The worldwide spread of a ‘standard globalized diet’ is putting more food on the dinner table, but at the expense of the cultivation and consumption of many local crops. Therefore this global uniformity heightens the risk of food crises. This is shown in a comprehensive study of global food supplies published by Colin Khoury, PhD-candidate at Wageningen University and scientist at the Colombia-based International Center for Tropical Agriculture (CIAT) of CGIAR. Human diets around the world have grown more similar by a global average of 36 percent over the last five decades. This trend shows no signs of slowing, with major consequences for human nutrition and global food security.
More calories, proteins and fats
“More people are consuming more calories, protein and fat, and they rely increasingly on a short list of major food crops, like wheat, maize and soybean, along with meat and dairy products, for most of their food,” says lead author Colin Khoury. “These foods are crucial for combating world hunger, but relying on a global diet of such limited diversity obligates us to bolster the nutritional quality of the major crops, since consumption of other nutritious grains and vegetables declines.”
The new study, published in the Proceedings of the National Academy of Sciences of the United States of America, suggests that growing reliance on a few food crops may also accelerate the worldwide rise in obesity, heart disease and diabetes. Colin Khoury, supervised during his PhD studies by Paul Struik, professor Crop Physiology at Wageningen University: “These are strongly affected by dietary change and have become major health problems, even within countries still grappling with significant constraints in food availability.” The study calls for urgent efforts to better inform consumers about diet-related diseases and to promote healthier, more diverse food alternatives.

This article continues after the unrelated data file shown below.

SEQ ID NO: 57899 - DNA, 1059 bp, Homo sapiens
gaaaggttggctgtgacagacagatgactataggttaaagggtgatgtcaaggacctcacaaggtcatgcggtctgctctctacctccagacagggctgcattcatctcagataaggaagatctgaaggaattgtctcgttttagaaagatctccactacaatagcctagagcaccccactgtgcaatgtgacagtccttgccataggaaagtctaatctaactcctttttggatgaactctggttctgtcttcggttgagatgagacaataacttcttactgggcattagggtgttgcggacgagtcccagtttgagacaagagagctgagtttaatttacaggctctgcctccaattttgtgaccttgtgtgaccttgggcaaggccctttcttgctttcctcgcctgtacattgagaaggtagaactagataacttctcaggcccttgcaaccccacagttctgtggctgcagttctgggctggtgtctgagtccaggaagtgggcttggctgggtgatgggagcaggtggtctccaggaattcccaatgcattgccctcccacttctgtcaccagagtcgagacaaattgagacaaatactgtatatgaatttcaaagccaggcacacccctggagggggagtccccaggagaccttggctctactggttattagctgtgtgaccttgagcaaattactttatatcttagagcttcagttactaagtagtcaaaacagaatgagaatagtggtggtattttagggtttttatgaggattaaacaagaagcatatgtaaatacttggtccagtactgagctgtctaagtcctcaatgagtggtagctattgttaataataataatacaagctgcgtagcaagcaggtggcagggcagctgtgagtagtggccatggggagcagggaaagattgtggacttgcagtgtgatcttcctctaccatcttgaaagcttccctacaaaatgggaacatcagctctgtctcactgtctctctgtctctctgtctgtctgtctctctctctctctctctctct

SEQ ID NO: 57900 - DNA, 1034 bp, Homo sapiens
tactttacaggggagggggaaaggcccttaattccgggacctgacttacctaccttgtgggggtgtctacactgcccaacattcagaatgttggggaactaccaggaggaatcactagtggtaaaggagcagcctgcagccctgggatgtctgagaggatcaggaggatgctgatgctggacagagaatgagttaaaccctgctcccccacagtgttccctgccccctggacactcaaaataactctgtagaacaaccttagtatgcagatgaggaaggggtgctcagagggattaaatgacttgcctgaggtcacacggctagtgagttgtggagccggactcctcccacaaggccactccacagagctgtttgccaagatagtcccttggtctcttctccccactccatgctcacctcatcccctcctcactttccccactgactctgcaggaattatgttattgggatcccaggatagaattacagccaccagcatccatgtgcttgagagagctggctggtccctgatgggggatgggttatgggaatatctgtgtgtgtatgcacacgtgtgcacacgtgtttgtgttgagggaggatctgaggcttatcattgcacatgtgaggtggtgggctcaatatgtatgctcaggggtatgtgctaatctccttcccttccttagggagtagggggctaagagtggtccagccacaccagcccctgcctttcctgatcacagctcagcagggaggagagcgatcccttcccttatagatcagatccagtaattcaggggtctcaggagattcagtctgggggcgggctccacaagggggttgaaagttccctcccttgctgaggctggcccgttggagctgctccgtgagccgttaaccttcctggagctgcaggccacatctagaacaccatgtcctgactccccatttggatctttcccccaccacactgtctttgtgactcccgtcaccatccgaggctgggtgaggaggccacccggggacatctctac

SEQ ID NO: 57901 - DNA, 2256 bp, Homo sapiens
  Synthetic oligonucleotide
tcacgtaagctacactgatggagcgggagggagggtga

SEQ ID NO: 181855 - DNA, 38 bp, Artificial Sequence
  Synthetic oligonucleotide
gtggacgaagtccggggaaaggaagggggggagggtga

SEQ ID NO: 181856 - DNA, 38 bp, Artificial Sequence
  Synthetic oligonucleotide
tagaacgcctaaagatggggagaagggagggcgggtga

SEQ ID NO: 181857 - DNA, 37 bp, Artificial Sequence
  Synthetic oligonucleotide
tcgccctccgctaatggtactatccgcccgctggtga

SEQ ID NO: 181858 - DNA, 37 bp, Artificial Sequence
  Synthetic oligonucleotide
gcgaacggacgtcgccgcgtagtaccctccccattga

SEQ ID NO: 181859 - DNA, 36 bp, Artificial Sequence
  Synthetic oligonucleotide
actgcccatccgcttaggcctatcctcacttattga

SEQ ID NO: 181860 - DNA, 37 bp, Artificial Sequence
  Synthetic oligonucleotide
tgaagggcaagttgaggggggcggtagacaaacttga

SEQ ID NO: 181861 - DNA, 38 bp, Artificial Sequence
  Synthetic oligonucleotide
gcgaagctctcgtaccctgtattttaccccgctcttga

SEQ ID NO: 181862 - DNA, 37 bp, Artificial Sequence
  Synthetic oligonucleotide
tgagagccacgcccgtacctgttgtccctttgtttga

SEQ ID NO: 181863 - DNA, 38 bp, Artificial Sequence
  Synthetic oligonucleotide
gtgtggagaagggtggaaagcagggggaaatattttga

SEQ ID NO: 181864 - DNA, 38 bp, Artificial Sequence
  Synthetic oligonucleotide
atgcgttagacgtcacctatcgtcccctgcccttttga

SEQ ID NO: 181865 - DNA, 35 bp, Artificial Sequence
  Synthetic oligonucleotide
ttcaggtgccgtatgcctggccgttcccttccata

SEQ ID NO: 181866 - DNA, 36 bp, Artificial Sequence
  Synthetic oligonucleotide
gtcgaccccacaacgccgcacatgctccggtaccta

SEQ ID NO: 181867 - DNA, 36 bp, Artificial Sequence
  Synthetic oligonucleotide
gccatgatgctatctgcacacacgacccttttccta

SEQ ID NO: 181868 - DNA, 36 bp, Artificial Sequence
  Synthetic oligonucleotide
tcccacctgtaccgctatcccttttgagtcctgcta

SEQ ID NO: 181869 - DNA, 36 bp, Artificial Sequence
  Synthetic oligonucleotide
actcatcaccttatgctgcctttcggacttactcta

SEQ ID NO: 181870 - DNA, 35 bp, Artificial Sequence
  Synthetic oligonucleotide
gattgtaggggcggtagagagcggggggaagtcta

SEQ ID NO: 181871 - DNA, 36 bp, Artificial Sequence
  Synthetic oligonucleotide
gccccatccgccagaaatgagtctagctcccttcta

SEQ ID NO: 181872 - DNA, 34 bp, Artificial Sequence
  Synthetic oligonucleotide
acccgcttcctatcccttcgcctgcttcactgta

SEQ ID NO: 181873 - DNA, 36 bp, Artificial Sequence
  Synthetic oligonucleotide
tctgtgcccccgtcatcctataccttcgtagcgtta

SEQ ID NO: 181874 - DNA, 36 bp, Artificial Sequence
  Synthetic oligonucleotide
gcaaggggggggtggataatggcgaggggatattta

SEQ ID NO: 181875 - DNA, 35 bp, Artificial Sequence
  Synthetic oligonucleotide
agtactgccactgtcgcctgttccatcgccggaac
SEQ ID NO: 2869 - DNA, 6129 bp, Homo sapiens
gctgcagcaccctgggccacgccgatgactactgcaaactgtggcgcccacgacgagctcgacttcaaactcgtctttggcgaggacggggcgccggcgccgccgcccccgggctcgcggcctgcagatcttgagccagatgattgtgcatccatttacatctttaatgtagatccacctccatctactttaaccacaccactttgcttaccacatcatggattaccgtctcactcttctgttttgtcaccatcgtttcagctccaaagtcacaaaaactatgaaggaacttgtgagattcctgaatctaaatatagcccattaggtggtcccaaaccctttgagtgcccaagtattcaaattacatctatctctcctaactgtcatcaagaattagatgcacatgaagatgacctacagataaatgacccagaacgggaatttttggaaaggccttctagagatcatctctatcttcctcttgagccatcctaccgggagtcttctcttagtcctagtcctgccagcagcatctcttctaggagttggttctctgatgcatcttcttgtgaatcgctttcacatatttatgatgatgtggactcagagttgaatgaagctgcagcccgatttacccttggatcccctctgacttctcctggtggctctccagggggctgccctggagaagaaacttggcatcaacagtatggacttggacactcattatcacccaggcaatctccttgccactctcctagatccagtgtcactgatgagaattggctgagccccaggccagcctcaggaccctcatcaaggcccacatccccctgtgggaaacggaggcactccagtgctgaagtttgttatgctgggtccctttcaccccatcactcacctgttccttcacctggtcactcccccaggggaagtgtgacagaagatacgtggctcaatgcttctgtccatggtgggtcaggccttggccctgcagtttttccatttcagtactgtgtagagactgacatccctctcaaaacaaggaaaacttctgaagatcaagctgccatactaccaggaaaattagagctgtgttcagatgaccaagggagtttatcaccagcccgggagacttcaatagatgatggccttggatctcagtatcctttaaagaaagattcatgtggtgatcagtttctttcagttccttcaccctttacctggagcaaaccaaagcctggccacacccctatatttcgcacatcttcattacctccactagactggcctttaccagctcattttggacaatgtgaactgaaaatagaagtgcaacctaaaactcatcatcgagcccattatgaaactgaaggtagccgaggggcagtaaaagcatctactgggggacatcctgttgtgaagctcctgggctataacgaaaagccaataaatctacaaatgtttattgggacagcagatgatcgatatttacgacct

Threat to food security
“Another danger of a more homogeneous global food basket is that it makes agriculture more vulnerable to major threats like drought, insect pests and diseases, which are likely to become worse in many parts of the world as a result of climate change,” said Luigi Guarino, a study co-author and senior scientist at the Global Crop Diversity Trust, headquartered in Germany. “As the global population rises and the pressure increases on our global food system, so does our dependence on the global crops and production systems that feed us. The price of failure of any of these crops will become very high.”
The dietary changes documented in the study are driven by powerful social and economic forces. Rising incomes in developing countries, for example, have enabled more consumers to include larger quantities of animal products, oils and sugars in their diets. Moreover, urbanization in these countries has encouraged greater consumption of processed and fast foods. Related developments, including trade liberalization, improved commodity transport, multinational food industries, and food safety standardization have further reinforced these trends.
Protect food supply
International agencies have hammered away in recent years with the message that agriculture must produce more food for over 9 billion people by 2050. Khoury: “Just as important is the message that we need a more diverse global food system. This is the best way, not only to combat hunger, malnutrition, and over-nutrition, but also to protect global food supplies against the impacts of global climate change and other external threats like pests and diseases.”